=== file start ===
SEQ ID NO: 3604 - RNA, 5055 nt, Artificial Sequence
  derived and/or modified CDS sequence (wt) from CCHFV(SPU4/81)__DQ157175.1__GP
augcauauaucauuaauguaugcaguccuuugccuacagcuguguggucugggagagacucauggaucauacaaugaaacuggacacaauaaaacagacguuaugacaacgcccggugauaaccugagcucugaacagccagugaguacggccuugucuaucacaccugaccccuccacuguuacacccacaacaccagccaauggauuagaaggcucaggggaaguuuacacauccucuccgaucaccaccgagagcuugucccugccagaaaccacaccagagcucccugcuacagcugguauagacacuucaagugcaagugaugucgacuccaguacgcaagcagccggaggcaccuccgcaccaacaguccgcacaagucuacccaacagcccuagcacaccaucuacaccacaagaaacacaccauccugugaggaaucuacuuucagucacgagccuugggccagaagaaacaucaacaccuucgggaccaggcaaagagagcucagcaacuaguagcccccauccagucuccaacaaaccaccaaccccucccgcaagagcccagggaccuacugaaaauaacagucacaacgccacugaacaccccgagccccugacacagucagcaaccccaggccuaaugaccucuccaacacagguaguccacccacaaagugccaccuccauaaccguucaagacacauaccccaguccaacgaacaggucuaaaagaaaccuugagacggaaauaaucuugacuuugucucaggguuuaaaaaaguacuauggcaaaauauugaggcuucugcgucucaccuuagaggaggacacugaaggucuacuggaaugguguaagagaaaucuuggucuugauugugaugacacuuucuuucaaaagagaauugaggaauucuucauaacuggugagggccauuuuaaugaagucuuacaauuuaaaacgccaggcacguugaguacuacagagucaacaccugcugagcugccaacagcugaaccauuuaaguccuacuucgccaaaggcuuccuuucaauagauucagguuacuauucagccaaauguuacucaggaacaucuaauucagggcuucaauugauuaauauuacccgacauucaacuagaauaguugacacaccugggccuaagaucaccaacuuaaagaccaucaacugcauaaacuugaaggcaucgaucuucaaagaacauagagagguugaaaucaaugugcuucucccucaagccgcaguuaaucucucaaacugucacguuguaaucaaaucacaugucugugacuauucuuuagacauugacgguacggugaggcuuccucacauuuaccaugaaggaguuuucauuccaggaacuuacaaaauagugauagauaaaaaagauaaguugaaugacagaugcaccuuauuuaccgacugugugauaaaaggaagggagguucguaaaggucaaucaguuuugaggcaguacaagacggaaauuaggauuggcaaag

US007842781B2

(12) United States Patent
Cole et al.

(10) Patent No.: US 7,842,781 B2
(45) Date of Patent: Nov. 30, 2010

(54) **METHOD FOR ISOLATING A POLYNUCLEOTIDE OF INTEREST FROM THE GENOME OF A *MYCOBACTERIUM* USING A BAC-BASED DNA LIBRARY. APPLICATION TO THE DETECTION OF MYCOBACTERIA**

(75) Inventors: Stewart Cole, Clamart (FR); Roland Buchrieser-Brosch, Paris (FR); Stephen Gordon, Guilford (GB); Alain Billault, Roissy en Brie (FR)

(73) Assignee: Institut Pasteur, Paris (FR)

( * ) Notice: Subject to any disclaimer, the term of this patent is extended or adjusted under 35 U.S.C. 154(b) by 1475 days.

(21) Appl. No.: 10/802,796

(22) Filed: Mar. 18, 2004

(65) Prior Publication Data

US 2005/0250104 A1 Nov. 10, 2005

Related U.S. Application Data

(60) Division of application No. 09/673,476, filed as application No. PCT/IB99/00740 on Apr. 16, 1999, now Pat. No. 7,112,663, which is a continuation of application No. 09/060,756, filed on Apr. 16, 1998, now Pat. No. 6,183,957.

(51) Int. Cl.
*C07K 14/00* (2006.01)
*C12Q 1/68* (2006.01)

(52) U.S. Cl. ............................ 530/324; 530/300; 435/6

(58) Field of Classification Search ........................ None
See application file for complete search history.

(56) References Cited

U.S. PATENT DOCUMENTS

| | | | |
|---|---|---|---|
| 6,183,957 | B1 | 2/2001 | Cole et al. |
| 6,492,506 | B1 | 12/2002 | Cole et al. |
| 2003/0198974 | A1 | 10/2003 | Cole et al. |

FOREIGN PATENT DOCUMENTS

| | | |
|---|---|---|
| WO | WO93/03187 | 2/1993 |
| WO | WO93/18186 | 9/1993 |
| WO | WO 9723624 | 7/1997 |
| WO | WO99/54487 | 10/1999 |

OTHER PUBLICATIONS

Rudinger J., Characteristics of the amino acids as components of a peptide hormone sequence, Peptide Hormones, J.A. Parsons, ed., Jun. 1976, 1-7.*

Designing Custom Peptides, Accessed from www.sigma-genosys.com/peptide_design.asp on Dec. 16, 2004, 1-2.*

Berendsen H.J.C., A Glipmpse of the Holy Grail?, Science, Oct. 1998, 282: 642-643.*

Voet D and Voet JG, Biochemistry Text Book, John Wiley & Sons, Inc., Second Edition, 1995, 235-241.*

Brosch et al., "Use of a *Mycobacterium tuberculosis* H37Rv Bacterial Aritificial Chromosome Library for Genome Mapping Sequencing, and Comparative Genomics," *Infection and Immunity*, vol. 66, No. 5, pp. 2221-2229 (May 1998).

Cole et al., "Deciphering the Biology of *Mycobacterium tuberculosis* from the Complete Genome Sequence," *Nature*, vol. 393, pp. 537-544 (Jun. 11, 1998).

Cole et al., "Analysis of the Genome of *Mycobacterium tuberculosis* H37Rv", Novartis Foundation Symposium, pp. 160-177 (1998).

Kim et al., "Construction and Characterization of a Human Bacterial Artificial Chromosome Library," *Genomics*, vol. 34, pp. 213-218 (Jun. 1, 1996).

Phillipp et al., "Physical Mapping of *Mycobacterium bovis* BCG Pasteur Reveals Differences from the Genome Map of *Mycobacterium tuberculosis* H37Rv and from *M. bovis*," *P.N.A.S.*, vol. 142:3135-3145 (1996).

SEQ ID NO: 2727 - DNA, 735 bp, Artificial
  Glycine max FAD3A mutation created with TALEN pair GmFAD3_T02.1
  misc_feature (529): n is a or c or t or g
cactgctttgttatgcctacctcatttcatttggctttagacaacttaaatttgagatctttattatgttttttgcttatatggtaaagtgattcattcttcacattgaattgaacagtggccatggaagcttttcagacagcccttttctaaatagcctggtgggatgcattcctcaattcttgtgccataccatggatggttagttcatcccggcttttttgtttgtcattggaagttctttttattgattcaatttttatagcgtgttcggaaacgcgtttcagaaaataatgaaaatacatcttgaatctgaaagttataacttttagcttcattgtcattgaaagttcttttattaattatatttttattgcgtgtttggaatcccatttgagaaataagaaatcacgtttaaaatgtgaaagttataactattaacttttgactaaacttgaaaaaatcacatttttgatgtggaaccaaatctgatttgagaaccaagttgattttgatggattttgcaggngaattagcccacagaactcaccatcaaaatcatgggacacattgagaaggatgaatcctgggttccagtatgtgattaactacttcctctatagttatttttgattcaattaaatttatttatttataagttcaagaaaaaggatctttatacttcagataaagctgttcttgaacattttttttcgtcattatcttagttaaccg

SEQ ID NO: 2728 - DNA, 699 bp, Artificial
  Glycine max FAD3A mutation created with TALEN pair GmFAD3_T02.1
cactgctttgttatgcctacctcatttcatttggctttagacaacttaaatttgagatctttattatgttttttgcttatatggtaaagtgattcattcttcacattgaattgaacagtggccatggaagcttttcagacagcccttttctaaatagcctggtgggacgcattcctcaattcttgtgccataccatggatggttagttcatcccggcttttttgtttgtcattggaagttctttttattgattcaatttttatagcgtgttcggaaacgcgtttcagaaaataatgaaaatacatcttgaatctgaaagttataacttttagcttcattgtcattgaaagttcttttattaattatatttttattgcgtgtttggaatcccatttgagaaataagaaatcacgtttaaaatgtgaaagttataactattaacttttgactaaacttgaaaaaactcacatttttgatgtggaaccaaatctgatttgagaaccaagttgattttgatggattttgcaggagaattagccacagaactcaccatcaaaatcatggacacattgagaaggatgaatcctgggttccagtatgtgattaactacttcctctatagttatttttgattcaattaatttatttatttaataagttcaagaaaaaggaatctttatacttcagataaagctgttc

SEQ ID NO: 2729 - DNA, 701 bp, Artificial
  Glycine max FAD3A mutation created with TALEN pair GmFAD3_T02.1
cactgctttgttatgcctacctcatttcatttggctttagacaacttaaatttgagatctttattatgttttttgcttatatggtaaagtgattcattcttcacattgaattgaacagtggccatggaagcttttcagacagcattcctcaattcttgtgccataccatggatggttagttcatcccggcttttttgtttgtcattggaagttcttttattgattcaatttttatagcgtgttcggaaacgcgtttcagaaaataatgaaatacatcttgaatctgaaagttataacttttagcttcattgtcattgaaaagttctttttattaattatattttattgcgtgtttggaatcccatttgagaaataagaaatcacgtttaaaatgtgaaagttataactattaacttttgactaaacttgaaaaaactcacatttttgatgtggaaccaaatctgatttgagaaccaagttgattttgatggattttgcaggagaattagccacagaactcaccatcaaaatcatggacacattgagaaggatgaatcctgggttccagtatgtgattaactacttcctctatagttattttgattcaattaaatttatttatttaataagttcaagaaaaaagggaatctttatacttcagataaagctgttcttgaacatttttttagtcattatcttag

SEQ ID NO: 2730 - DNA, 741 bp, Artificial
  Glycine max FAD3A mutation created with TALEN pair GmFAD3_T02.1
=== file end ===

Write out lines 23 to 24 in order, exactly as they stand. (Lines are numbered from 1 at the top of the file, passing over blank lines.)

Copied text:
(58) Field of Classification Search ........................ None
See application file for complete search history.